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Dental students' attitudes towards understanding of health, disability and disease in dental patients in Wales, UK: a foundation for special care dentistry

Redford, Harriett and Atkin, Philip 2017. Dental students' attitudes towards understanding of health, disability and disease in dental patients in Wales, UK: a foundation for special care dentistry. Journal of Disability and Oral Health 18 (2) , pp. 43-52.

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Abstract

Objectives: This cross-sectional study aimed to explore ideas relating to the wider medical knowledge and attitudes towards understanding of human health, disability and disease in dentistry amongst dental undergraduate students in different stages of the BDS programme at School of Dentistry, Cardiff University, Wales. Methods: A questionnaire relating to students’ attitudes, perceptions and knowledge concerning human health, disability and disease was distributed to first, third and final year students. The questionnaire used Likert scales to allow students to easily rate their attitudes on this topic. Results: Most students (99%) perceived human disease/clinical medical sciences for dentistry teaching to be relevant to dentistry. Students in their final year perceived themselves to be the most confident with their knowledge of human disease and their ability to use their knowledge when treating patients, compared to third and first year students. The majority of dental students surveyed perceived that dental patients would expect their dentist to have good understanding of their problems with heath, disability and disease and how these problems may impact on treatment choices (81%), but, that patients did not recognise that dental students learned about human health and disease (44%). Conclusions: The results indicate that dental students recognise that human diseases/clinical medical sciences teaching in dentistry are an essential component of undergraduate curriculum. The teaching provides students with increased knowledge of this topic area along with confidence in using this knowledge whilst treating patients. Students feel that as a dentist, they should have a good understanding of medical problems, disability and disease and how this impacts on treatment and also believe this is what patients expect. A sound understanding of patients’ medical history is key to safe practice, and identifying those patients who may need special consideration when planning dental treatments. The undergraduate human diseases/clinical medical sciences teaching in dentistry, which is later built upon with undergraduate teaching in Special Care Dentistry and sedation provides a good foundation for future safe clinical practice for all patients, whatever their special needs may be.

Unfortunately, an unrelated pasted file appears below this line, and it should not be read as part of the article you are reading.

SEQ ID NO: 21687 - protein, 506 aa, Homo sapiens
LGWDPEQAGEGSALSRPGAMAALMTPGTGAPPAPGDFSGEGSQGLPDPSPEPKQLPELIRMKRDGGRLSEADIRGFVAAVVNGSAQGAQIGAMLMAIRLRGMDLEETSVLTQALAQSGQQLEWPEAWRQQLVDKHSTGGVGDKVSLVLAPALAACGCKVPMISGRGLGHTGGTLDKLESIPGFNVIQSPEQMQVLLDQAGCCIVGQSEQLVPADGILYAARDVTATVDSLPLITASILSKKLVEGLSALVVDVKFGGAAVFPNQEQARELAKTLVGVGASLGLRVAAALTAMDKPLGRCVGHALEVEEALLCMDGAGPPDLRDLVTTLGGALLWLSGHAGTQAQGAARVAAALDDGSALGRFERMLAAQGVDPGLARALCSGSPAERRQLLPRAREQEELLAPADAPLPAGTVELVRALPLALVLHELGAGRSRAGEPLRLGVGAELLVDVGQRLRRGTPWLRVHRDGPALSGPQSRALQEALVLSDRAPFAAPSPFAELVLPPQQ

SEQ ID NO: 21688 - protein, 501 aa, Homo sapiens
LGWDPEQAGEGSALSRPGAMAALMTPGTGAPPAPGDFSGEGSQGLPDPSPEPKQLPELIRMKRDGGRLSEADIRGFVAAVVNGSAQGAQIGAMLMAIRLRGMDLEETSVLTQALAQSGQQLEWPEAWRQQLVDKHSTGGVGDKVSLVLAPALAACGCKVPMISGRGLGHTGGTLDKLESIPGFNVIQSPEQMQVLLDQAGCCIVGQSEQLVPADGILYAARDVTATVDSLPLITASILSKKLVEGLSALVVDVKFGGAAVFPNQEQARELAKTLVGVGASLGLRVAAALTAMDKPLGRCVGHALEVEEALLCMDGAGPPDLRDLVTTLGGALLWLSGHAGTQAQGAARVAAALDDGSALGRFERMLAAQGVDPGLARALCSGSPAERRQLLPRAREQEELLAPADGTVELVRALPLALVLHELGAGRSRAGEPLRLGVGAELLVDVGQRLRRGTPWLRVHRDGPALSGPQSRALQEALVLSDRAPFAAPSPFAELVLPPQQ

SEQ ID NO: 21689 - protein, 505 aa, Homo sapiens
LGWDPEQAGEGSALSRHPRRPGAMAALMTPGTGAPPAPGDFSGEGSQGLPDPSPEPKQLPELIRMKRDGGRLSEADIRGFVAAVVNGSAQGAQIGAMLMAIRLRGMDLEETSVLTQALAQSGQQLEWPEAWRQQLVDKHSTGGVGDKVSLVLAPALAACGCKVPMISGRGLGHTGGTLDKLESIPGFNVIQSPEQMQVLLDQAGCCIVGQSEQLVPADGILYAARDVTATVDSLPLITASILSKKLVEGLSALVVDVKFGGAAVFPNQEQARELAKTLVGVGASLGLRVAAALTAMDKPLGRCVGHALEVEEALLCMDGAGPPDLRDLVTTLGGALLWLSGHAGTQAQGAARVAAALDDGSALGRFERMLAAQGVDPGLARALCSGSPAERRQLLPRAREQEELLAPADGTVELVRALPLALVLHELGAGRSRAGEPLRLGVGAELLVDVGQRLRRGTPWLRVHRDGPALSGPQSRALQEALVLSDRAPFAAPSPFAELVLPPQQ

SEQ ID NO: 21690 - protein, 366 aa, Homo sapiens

Item Type: Article
Date Type: Publication
Status: Published
Schools: Dentistry
Publisher: Stephen Hancocks Publishing
ISSN: 1470-8558
Related URLs:
Last Modified: 16 Jul 2019 13:02
URI: http://orca.cf.ac.uk/id/eprint/103336

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